Buddy is our Pet of the Month for January. He is a 125# Rhodesian Ridgeback who has been dealing with an ear hematoma that has been challenging to get resolution. Back in September of 2022 he developed an ear hematoma, and on the advice of a well-meaning neighbor, the owner thought it would go away.  However, Buddy continued flapping his ears and the hematoma got worse.  After seeking veterinary care, it was determined that had infections in both ears, and the flapping created the hematoma. Fortunately, getting the proper medications for the infection, having the fluid drained and treated with a steroid injection, the hematoma resolved, for a couple months.

Has your dog ever had an ear infection? Do they flap or scratch at their ears? Do you know about ear hematomas when the ear balloons up like a pillow?

Ear hematomas occur for a variety of reasons, most often secondary to ear infections and flapping the ears. Yet, bite wounds, trauma from an injury, parasites, scratching at the ears, and underlying immune changes (allergies) are also be contributing factors.

There are many blood vessels in an ear flap, part of the mechanism that helps animals cool themselves. When those blood vessels leak, the bloody fluid builds up between the skin and the cartilage. It can occur in one small spot, or it may involve the entire ear pinna and they are painful.

Most commonly hematomas affect dogs with pendulous ears, but cats and dogs with upright ears can also be affected. Treatment is focused around resolving any ear infection, preventing additional build-up of fluid, stopping self-trauma, and helping the ear tissues to adhere and form sufficient scar tissue to achieve more permanent resolution. This can take weeks.

Yellow lines show the small hematoma at the tip of the ear flap

Veterinarians know that often dogs with one hematoma can be at risk for developing another. This is what happened with Buddy. At the end of December, Buddy had a recurrence. There was a small pocket of fluid in the tip of his left ear. The ear was not painful at this point, and the ear canal only had a scant amount of wax with no indication of repeat infection. Depending on the ear, the patient and other factors, there are a variety of approaches to treat ear hematomas; all with pros and cons that have to be considered.  Because he healed well previously, we decided that the minimally invasive treatment of draining the fluid and giving another steroid injection was a good decision.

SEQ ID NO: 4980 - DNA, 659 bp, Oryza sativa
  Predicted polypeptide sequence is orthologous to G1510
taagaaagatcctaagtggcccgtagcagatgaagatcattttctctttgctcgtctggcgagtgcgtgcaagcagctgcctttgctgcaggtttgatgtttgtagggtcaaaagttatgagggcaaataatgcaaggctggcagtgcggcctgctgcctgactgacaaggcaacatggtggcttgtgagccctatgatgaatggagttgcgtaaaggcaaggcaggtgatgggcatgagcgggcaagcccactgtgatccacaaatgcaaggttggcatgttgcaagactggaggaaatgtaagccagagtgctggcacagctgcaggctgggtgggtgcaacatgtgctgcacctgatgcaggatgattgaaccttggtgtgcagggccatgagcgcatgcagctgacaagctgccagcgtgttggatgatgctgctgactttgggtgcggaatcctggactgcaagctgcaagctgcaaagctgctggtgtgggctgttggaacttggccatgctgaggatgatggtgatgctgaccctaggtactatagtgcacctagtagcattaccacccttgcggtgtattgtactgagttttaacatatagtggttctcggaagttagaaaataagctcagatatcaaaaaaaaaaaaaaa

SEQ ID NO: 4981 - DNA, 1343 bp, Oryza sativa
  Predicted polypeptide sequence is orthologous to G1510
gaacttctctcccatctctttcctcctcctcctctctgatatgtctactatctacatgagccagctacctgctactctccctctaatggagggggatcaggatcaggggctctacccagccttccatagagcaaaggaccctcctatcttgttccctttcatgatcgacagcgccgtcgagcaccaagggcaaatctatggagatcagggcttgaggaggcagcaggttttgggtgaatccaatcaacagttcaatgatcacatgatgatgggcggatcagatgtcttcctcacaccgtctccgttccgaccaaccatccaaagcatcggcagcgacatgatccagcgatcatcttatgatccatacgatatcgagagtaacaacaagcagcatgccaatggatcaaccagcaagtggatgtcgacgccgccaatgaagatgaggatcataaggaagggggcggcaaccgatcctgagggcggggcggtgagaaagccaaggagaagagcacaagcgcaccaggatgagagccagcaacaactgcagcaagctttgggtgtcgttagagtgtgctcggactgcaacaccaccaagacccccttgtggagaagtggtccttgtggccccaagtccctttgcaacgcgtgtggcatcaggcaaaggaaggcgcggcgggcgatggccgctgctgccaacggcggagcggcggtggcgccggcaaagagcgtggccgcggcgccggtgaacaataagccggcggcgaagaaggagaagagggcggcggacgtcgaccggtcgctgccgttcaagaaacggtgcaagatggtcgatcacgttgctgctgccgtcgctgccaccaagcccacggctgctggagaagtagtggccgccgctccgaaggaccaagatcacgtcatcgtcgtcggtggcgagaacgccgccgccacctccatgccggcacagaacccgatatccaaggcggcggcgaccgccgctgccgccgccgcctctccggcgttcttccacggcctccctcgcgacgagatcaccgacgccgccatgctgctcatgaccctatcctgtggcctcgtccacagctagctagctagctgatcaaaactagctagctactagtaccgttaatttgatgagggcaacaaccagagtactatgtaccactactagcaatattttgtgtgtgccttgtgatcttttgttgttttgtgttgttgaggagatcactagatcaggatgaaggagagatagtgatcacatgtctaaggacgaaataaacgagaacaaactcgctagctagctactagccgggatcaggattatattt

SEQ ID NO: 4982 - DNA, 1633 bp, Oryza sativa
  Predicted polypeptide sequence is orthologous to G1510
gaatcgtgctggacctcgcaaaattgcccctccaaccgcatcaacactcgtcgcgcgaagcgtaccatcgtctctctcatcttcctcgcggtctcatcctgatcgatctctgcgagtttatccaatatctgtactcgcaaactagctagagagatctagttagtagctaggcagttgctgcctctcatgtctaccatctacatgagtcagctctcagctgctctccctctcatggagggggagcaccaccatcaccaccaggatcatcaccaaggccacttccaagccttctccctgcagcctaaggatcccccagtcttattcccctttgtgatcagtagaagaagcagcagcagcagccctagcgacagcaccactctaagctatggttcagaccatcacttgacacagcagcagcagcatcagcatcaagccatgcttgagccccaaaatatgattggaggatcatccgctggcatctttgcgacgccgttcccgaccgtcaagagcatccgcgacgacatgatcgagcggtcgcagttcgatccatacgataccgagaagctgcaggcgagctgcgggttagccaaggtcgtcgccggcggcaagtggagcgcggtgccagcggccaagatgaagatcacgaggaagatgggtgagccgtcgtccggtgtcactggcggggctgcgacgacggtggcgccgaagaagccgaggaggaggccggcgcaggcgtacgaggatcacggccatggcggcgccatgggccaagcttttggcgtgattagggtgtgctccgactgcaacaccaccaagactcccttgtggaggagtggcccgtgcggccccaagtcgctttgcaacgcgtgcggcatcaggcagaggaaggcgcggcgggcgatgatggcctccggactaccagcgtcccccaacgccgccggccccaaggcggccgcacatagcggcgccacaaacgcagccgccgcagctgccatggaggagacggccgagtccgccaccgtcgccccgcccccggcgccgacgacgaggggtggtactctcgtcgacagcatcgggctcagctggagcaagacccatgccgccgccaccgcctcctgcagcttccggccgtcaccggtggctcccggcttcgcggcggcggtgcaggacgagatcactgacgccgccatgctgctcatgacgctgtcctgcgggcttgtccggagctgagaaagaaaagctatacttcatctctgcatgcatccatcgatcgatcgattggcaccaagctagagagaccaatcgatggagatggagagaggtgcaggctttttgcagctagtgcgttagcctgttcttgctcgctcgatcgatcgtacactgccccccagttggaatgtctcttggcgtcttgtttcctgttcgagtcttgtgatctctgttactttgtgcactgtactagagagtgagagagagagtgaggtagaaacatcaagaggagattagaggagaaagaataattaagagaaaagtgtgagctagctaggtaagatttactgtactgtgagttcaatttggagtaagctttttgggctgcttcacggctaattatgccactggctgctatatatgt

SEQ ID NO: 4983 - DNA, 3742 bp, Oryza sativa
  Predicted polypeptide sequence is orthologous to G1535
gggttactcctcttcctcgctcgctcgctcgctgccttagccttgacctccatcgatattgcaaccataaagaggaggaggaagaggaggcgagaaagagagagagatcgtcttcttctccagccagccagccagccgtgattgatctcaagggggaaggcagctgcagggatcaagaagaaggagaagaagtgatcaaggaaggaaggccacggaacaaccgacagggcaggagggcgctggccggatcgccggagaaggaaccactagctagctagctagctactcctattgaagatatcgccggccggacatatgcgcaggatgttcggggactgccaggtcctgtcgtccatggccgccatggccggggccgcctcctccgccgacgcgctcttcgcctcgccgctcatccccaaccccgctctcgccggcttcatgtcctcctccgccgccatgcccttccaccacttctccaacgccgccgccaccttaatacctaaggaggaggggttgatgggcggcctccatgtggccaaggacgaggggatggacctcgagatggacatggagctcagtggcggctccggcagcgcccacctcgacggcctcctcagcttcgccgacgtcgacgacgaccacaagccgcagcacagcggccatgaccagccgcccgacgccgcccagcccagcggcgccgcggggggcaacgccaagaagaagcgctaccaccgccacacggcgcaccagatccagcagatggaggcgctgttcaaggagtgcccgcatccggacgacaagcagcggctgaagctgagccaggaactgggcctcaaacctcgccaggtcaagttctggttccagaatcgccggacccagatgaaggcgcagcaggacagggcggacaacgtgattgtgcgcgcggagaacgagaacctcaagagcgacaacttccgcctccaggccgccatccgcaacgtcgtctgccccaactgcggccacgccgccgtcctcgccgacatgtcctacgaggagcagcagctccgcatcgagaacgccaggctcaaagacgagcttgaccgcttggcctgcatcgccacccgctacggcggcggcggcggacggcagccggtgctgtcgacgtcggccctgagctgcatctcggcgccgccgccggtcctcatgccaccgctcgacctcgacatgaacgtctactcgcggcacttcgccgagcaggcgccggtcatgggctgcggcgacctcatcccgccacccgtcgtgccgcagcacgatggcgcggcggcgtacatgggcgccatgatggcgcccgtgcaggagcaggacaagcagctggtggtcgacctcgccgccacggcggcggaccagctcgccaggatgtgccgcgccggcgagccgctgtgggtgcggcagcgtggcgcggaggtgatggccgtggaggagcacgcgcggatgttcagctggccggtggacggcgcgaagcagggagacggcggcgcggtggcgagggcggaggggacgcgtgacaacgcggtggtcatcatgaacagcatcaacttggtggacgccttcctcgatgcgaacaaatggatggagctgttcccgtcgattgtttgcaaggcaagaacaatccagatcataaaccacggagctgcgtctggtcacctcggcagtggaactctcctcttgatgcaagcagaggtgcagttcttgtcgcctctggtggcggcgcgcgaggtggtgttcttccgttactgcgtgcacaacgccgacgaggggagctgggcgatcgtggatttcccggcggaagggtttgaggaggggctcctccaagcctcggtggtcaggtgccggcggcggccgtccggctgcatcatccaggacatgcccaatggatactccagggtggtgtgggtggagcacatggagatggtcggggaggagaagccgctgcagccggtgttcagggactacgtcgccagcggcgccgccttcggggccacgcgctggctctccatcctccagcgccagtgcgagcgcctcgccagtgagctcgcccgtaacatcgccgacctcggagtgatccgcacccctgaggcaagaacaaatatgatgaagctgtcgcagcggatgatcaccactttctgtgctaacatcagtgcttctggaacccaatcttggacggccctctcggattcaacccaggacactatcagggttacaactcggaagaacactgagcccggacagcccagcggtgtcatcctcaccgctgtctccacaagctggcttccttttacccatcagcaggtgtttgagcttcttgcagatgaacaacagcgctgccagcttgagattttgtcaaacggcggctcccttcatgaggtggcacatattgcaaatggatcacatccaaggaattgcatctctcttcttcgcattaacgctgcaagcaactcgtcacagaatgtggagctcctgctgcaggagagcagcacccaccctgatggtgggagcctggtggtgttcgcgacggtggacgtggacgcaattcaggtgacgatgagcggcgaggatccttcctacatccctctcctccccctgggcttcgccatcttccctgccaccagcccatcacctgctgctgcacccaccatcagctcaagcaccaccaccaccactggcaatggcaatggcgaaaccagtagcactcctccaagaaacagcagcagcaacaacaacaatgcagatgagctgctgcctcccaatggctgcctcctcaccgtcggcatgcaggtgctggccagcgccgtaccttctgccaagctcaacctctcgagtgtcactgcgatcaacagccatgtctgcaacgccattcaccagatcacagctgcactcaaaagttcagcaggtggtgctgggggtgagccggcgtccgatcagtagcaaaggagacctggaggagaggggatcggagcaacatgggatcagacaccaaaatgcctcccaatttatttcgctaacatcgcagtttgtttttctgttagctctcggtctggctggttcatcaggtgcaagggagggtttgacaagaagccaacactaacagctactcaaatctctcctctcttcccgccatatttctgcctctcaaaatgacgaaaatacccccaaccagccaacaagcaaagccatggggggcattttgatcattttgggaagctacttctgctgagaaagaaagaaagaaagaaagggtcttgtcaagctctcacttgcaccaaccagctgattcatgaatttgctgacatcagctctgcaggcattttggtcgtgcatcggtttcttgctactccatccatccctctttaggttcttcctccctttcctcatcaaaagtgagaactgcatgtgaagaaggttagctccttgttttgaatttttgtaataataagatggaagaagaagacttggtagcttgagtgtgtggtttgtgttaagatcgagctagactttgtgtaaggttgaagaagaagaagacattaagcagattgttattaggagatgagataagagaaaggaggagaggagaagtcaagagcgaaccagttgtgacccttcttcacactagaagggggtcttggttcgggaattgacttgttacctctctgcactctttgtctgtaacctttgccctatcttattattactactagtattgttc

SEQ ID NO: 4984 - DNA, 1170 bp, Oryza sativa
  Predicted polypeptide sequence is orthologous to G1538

Unfortunately, several days later, Buddy’s entire ear flap became swollen, warm to the touch and painful. The owners took him to the ER where the decision was made to surgically repair the ear. An ‘S’ incision was made on the inner aspect of the ear flap to drain all the accumulated fluid and the ear flap was sutured. Buddy was started on antibiotics for the ear and pain medications to keep him comfortable. The ear was bandaged to his head and he was sent home with an Elizabethan Collar.

Picture of the swollen ear flap before surgery

Ear after surgery at the ER showing ‘S’ shaped incision to drain fluid

Buddy with his first ear wrap and ‘party hat’ to prevent him shaking head

We saw Buddy for a recheck 5 days later. The ear flap had come loose from the head bandage and was still oozing some bloody discharge. As a precaution, we checked his blood clotting times, which were normal, to ensure there wasn’t a more serious underlying disease contributing to the ear swelling. We bandaged the ear flap around a roll of cotton to stabilize the flap and prevent additional trauma.

We recommended that the owner purchase a No Flap Ear Wrap®. We had a little miscommunication because when the owner googled the item, she found there are a lot of products that claim to prevent ear flapping, and the item she purchased just wasn’t strong enough for Buddy’s ear and his head size.

Despite the owner’s best efforts at providing the appropriate home care, by the middle of January, Buddy’s ear had swollen up again and was quite painful. The ER docs said, if the ear flap was continuing to swell, it might require amputation. The owner wasn’t ready for that, so we decided we would try another surgery, remove the previously placed sutures, drain the ear and replace through-and-through sutures in the flap.

Head wrap after second surgery with ear opening exposed

Ear flap after dozens of new sutures placed

With Buddy under anesthesia, we placed almost 5 dozen quilting sutures in the ear flap. Then we taped the ear up over the top of his head with a thick pad of cotton underneath to support the ear. By leaving the ear canal exposed the owner was able to instill ear medications and we could monitor the healing during subsequent rechecks. Buddy was placed on oral antibiotics, pain medications, and oral steroids to reduce the ear swelling and help it heal.

Buddy showing off his stylish head wrap post surgery

The outer ear flap showing suture knots (and some left over cotton) after the head bandage was removed. Swelling has gone down.

Inner aspect of the ear flap; almost all swelling has resolved

Buddy has made remarkable improvement, and while his healing isn’t finished, the ear looks better, and he is more comfortable. We are very optimistic that he will make a full recovery. 

We’ll still need to keep a close watch on his ear health with regular home ear cleaning and managing any infections that may recur. We will also monitor him for signs of allergies going forward.

Buddy modeling his No Flap Ear Wrap over the head bandage


No Flap Ear Wrap

VeterinaryPartner.com – Ear Hematoma in Dogs and Cats

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